The four newcomers brought to 50 the total of AAA, AA, and A schools playing football. There were several other 8-man teams. Winterhaven would return to the Southern Section after the 1984-85 school year.

A FIRST FOR EVERYTHING

Southwest coach Bob Arciaga had 36 reasons to celebrate.

Thirty-six was the number of losses the school had endured since opening in 1976…with one victory on the field  (another victory came as a result of Chula Vista’s forfeiting a 76-0 win over the Raiders in 1976).

Southwest mentor was happy camper.

So when the Raiders defeated Coronado 8-7 in Week 2, Arciaga couldn’t be restrained.

“It was the first time we beat Coronado,” said the coach, just getting warmed up. “It was the first time we swept (the JV won 24-0), the first time we ever blocked a punt, the first time we ever made a two-point conversion, and the first time we’ve ever been 1-1.”

The blocked punt and winning two-point conversion all came in the final three minutes.

Jesus Villa scooped up the block and ran 47 yards for a touchdown. Going for the win, Arciaga called a play in which James Taylor slammed into the line, bounced off a tackler, and caromed into the end zone for the decisive point.

From 1-36 the Raiders jumped to 4-5 this year.

BEST OF BEST
Blue Chip Report, a national publication, listed 7 San Diego Section players as major college prospects.

Five of the seven were rated in the Top 10 of their positions: Quarterbacks Sean Salisbury (Orange Glen) and Sean McKee (Patrick Henry); wide receiver Glen Kozlowski (Carlsbad); tackle Keith Kartz (San Dieguito), and linebacker Joey Tavita (Castle Park).

Also cited were Vista running back Joe Faraimo and Oceanside defensive back Nathan King.

Salisbury, Kozlowski, and Kartz made NFL rosters after college. Lincoln free safety Lew Barnes, Helix linebacker Leon White, and El Camino defender Jayice Pearson also played in the NFL. Lincoln quarterback Damon Allen played 23 seasons in the Canadian League.

HOGS TO BIG MACS
San Pasqual’s Hog Squad of the 1970s spun off to the Big Mac Attack this year. Linebackers Barry (Mac) McKeever, Brian McFadden, and Jeff McCoy were coached by Bill McAllister.

McKeever is the son of Mike McKeever, who starred with twin brother Marlin at USC before an auto accident ended his life.

BALLYHOOED MATCHUP

Russ Leslie, athletic director and former head coach at Patrick Henry, made a call in the spring to Dick Disney, ex-coach and athletic director at Orange Glen.

“Let’s play,” said Leslie. “Sounds good to me,” said Disney, or words to that effect, the idea being to showcase each team’s star quarterback, Sean Salisbury for Glen and Sean McKee for Henry.

College scouts were in abundance but the most significant moment was left to an unknown kicker, Mehrdad Nabizadeh, who kicked a 27-yard field goal with 15 seconds left for a 10-7, Henry victory.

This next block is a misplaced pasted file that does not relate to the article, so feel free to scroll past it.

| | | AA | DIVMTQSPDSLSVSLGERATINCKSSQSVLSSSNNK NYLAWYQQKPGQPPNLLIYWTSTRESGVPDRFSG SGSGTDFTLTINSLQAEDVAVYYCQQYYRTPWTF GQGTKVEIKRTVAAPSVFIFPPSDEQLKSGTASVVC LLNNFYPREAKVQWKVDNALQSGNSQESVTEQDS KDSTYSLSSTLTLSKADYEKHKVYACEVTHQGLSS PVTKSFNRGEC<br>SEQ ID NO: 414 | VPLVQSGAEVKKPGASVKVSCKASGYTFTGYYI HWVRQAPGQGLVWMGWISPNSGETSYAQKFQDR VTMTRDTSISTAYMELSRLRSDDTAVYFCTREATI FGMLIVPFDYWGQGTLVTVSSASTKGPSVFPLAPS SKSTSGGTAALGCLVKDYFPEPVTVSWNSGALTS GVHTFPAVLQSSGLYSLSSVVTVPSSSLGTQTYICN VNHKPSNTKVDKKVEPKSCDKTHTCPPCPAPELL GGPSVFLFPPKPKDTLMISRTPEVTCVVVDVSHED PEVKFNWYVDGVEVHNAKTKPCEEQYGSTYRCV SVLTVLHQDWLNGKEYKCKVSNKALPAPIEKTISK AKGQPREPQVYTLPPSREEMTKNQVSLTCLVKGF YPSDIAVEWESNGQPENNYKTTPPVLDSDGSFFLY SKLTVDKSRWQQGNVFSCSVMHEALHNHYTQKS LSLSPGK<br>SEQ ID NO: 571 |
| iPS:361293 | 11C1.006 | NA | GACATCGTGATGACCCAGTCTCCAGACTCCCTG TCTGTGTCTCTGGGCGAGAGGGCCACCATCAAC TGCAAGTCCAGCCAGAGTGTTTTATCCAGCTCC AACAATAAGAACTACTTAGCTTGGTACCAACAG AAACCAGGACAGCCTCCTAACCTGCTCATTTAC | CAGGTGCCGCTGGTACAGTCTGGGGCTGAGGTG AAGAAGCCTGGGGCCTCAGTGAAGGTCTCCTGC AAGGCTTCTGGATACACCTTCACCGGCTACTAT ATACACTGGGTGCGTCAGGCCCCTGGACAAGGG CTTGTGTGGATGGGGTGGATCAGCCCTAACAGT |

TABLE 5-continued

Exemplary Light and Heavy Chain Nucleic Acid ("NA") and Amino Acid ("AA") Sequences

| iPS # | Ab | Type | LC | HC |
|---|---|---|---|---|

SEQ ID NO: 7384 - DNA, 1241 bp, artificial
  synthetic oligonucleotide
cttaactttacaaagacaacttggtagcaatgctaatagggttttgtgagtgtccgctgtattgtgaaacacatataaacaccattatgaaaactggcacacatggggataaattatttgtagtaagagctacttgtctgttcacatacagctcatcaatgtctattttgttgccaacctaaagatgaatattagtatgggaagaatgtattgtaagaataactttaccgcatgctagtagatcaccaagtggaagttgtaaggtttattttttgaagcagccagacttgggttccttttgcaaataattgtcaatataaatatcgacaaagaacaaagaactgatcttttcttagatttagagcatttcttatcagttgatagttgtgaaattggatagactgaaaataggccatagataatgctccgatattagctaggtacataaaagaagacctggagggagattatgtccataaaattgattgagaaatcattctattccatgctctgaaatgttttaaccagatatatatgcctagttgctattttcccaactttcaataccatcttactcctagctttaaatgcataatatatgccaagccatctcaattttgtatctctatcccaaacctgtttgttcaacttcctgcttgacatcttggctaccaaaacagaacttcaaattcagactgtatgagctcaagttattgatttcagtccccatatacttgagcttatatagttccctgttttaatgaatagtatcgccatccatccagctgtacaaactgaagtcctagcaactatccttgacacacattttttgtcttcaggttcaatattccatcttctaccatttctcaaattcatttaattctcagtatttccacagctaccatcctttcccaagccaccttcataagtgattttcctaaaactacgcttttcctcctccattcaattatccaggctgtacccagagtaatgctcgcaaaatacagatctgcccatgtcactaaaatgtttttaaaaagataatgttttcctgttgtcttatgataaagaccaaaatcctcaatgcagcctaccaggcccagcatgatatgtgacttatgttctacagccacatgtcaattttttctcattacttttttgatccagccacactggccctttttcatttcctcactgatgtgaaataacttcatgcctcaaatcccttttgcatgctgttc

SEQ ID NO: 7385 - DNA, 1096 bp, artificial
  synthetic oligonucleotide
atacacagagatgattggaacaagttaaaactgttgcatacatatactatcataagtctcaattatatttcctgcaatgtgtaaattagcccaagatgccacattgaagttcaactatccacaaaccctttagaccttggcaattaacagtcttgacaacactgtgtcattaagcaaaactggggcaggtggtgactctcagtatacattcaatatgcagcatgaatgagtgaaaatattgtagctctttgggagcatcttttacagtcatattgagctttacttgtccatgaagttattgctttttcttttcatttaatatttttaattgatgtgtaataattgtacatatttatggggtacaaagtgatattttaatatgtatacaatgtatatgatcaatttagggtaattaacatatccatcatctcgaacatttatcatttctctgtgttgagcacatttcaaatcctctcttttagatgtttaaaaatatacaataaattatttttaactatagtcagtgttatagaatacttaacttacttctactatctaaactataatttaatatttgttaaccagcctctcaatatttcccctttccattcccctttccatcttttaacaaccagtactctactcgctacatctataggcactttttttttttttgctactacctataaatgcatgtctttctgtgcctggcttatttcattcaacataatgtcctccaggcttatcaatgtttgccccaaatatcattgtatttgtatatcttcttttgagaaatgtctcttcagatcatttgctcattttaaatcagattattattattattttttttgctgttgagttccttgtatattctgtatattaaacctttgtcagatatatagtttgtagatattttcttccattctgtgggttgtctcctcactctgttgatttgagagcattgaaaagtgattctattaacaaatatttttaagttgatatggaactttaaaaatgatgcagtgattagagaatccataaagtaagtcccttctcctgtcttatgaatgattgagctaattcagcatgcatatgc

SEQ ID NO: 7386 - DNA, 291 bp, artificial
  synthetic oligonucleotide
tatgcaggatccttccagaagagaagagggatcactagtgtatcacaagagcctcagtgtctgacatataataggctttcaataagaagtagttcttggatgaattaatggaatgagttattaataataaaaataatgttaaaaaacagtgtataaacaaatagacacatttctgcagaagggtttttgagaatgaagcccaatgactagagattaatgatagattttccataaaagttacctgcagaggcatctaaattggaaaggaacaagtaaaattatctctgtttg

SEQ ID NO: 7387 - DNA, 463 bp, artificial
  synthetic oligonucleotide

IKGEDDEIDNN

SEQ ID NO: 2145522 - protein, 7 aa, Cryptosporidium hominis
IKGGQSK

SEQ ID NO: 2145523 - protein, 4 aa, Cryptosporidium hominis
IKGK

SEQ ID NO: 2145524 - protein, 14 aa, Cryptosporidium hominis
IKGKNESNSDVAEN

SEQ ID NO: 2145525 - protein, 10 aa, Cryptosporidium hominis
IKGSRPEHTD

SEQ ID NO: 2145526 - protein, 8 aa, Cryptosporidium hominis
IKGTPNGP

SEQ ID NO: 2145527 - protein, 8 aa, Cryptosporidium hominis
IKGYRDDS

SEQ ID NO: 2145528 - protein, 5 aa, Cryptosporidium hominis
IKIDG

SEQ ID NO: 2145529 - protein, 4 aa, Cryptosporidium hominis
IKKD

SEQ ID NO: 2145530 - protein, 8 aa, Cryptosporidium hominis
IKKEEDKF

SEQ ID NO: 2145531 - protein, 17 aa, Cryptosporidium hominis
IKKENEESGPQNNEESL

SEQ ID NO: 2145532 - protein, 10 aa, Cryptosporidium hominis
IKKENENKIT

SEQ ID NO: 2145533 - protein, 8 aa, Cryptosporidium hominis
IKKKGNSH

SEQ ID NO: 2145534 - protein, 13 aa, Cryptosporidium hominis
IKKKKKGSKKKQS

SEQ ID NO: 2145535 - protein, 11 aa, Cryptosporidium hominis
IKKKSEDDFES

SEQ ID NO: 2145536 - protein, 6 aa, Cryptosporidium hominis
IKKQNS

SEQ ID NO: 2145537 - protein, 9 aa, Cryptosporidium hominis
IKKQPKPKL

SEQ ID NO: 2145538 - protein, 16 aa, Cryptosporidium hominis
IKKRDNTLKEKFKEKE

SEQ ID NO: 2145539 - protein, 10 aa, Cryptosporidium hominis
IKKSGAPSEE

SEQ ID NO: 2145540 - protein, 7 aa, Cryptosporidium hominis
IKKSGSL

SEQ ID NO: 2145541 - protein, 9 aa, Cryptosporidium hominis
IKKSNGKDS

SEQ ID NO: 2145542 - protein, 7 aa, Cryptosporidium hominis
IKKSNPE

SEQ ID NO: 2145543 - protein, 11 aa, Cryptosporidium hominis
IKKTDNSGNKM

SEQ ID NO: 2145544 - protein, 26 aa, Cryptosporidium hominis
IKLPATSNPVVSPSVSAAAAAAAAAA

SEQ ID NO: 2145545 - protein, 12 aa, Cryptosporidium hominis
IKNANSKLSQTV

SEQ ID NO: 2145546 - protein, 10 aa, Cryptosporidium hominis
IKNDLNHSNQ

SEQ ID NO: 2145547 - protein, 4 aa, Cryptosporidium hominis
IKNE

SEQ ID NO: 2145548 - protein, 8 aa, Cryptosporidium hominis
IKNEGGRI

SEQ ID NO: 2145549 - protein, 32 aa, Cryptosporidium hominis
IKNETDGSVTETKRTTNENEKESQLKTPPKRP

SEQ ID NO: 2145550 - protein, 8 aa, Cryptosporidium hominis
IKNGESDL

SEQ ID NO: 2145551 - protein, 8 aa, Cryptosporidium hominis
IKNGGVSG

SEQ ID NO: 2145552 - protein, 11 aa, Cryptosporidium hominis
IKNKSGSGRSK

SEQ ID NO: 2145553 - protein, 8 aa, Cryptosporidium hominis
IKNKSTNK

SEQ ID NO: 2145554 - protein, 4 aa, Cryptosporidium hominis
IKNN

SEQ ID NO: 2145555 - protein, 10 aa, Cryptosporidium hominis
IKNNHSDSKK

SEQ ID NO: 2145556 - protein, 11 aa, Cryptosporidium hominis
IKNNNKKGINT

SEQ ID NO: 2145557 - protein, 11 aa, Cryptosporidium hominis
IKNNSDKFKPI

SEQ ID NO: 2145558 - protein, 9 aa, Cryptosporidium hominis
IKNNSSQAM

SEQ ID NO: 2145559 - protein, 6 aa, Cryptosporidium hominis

McKee completed 8 of 28 passes for 91 yards, three interceptions, and 1 fumble.Salisbury completed 10 of 26 for 181 yards, and two interceptions, but was 3 of 5 for 62 yards during the winning drive.

QUICK KICKS
Torrey Pines and Ramona played into Johnny Carson’s time slot…fog prevented the JV undercard from getting started until minutes past 8 p.m… Torrey won the delayed varsity main event, 35-7… ‘Mona coach Jack Menotti said he would step down if the Bulldogs didn’t have a winning season…after a 2-0 start and 2-7 finish, Menotti stayed on…27 of the 50 AAA, AA, and A teams playing football had attempted 35 field goals in the season’s first four weeks…by way of comparison, not a single field goal was attempted between 1951 and ’56, years before soccer style kickers came on the scene… largest running back in the section? Probably Cortez Greer of Sweetwater, 240 pounds… unlike the finals, semifinal playoff opponents were almost complete strangers… Helix played Poway; Mount Miguel met Vista; Lincoln took on Bonita Vista, and La Jolla lined up against San Pasqual… Vista defeated Mount Miguel 40-13 for the A championship in 1960 in their only meeting… the others had never met… Castle Park’s Walter Holmes scored 15 touchdowns in the first 6 games and ended the season with 21 TD’s in 10 games and led the County with 128 points… Oceanside clinched a victory in the game’s first 12 seconds when Dale Walton ran 91 yards for a TD on the opening kickoff of a 7-6 win over San Pasqual… the “Shoe,” a bronze trophy that had been awarded every year since 1926, except for 1972-76, was back at La Jolla after Casey Brown ran for 153 yards and the Vikings beat Point Loma, 13-7, their first victory over the Pointers since 1972… he never got on the field because of injury but Castle Park linebacker Matt Johnson was a fifth-round draft out of USC by the San Diego Chargers in 1984…